When three men dressed in fatigues and balaclavas board a metro train in downtown Copenhagen and start firing guns, you know you’re in for a thrilling ride in Below the Surface (Sat, BBC4, 9pm). The terrorists turn out to be English and have 15 passengers as hostages – they want a €4m ransom. Tasked with finding out who they are and taking them out is Philip Norgaard (Johannes Lassen), head of Danish counter-terrorism and himself a former hostage. Journalist Naja Toft (Paprika Steen) is angling to interview the hijackers and raise the ransom money through her news show. Can she and Philip stop the terrorists before they start killing? It’s dark, it’s violent and it’s brooding, and while it’s not quite The Bridge it’s watchable enough. Eight episodes, shown in pairs – each covering one day, and in Danish and English with subtitles.
Documentarist Molly Dineen’s warm and intimate film Being Blacker (Mon, BBC2, 9pm) gets under the skin of Brixton’s black community, chiefly through following Blacker Dread (born Steve Martin) around with a camera. Dread is a music producer who was forced to shut his reggae record shop, and is now facing an unrelated prison sentence while mourning the recent death of his mother. His sister June is attempting to keep the family together but Dread decides to return to Jamaica with his partner Maureen, where their son is at school. Meanwhile Dread’s sidekick Naptali is going straight after a stint as an armed robber. Through all these characters, with their complicated and sometimes messy lives, Dineen explores what it means to be black and British today, and how class, racism and crime can impinge on black identity.
Either that or The Ruth Ellis Files: A Very British Crime Story (Tues-Thurs, BBC4, 9pm) would qualify as my documentary of the week. Ellis shot her racing driver lover David Blakely in cold blood and was the last woman to be hanged in Britain for her crime. The police ignored the fact she was a victim of repeated domestic violence and the press portrayed her as a ruthless femme fatale, simply for being blonde and glamorous. Gillian Pachter’s sensitive film – showing over three consecutive evenings – examines the flaws in the police investigation, which included failing to interview key witnesses and making assumptions, because of a 1950s culture riddled with the class system and sexism.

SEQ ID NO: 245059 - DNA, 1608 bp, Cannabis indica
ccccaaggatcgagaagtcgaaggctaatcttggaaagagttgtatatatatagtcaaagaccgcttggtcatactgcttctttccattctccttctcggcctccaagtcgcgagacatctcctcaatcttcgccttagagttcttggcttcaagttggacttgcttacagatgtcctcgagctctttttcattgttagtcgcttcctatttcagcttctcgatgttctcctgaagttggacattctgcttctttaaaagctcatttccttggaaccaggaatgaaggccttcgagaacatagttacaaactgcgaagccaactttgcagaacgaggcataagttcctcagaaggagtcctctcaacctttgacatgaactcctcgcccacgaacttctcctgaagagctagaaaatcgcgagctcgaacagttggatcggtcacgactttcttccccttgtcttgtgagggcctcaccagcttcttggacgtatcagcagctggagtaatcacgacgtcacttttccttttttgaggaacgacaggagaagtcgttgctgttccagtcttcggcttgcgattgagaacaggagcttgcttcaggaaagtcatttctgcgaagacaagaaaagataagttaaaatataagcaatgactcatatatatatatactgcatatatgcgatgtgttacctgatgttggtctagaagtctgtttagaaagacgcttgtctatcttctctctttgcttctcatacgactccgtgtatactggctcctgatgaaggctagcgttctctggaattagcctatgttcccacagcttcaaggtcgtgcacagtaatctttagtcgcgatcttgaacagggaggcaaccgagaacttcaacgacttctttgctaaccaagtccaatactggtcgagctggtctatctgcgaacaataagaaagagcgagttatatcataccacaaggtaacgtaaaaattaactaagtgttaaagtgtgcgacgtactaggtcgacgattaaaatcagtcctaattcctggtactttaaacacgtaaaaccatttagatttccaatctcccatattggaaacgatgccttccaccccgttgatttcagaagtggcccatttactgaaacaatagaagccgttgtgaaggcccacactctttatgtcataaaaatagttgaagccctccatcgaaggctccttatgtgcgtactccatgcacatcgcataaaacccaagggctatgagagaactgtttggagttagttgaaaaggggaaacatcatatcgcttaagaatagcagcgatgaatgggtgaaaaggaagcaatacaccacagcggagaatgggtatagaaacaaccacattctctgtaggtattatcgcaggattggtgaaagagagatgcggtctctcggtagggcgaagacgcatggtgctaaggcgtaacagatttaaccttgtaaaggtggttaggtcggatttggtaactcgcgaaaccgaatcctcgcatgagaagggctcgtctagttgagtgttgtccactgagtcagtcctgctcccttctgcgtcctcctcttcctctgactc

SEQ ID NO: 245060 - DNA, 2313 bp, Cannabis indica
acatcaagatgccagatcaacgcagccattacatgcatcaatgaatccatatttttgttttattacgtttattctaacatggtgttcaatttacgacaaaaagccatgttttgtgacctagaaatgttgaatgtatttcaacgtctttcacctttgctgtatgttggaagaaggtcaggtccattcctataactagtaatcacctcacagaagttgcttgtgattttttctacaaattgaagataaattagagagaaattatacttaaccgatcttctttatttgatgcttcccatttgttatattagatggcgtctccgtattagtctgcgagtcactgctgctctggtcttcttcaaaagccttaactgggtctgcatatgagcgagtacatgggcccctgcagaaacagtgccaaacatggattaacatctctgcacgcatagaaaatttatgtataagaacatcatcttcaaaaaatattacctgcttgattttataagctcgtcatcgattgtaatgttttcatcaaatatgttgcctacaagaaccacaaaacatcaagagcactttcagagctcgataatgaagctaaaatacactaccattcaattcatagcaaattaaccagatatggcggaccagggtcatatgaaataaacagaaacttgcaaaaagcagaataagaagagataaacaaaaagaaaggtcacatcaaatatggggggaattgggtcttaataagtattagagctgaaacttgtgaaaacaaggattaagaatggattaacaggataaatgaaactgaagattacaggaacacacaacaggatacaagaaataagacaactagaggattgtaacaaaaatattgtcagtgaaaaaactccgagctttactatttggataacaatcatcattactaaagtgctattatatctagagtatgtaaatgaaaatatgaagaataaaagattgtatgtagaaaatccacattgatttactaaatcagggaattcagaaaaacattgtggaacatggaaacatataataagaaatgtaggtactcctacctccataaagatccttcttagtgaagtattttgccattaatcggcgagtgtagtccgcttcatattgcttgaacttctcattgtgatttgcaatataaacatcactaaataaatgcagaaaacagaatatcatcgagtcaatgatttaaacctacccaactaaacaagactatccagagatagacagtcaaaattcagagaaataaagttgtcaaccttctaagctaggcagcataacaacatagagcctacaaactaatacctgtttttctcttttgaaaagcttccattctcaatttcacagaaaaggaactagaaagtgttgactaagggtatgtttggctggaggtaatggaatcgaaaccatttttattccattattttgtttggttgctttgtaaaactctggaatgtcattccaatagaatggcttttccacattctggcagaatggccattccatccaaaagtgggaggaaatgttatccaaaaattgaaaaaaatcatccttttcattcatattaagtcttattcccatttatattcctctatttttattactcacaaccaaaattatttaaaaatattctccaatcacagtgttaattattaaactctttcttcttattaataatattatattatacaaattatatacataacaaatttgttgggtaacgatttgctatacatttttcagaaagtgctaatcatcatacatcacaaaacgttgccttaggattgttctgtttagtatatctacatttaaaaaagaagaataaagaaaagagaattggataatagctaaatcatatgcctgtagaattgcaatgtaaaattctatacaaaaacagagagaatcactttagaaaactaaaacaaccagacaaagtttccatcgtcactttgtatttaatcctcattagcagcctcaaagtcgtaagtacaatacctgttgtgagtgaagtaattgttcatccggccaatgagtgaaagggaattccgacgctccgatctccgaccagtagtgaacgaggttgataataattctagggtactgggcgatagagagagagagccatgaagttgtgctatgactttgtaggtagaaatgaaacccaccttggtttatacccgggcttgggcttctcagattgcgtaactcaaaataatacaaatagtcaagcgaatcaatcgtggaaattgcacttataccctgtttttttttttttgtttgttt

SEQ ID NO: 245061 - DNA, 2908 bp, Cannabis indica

Last year’s terror attacks in London and Manchester are explored in Four Days That Shook Britain (Thurs, ITV, 9pm) from the point of view of those caught up in the atrocities. Survivors, witnesses and emergency service workers share a wide range of stories – harrowing, poignant and heart-warming. Most interesting is how everyone is coping, weeks and months down the line – some have experienced life-changing injuries and many paramedics and police officers struggle with PTSD after attending the scenes.
It’s Irish rock night on BBC4’s regular Friday night music strand. Both shows are repeats but worth catching if you missed them first time. From 2015, The Irish Rock Story: a Tale of Two Cities (Fri, BBC4, 9pm) looks back over five decades to how rock changed Ireland – north and south – through the music scenes in Belfast and Dublin. Narrated by Richard Dormer, who starred as Belfast band manager and record store owner Terri Hooley in the film Good Vibrations, it explores how the 50s showbands gave way to a rich lineage – from Van Morrison and Thin Lizzy to The Undertones and U2 – along the way creating a definable Irish sound that married Belfast’s hard, angry rock with Dublin’s softer, melodic style and reflected the politics of the day. Contributors include Bob Geldof, Sinead O’Connor and U2.
It’s followed at 10pm by sassy 2012 rockumentary Here Comes the Summer: the Undertones Story. Their iconic 1978 hit single Teenage Kicks turned them into unlikely stars but their perfect pop tunes about adolescence and love belied the fact they’d been forged in Derry, a northern Irish city that was the violent epicentre of the 1970s Troubles. There are plenty of archive clips, plus interviews with band members, friends, family and peers – theirs is a sweetly funny and very moving tale of their improbable rise above sectarianism.
Hitchcock’s most famous film scene is dissected in Hitchcock’s Shower Scene: 78/52 (Sat, BBC2, 9pm) – the numbers refer to how it took 78 set-ups and 52 edits to create Janet Leigh’s brutal bathroom stabbing by Norman Bates (Anthony Perkins). At 90 minutes, it’s what you might call forensic, as Alexandre O Philippe analyses this most iconic scene that changed the horror genre and popular culture. He also interviews key people – including Leigh’s daughter Jamie Lee Curtis and her body double Marli Renfro, who recounts her experience entertainingly – and industry figureheads such as Peter Bogdanovich and Guillermo del Toro.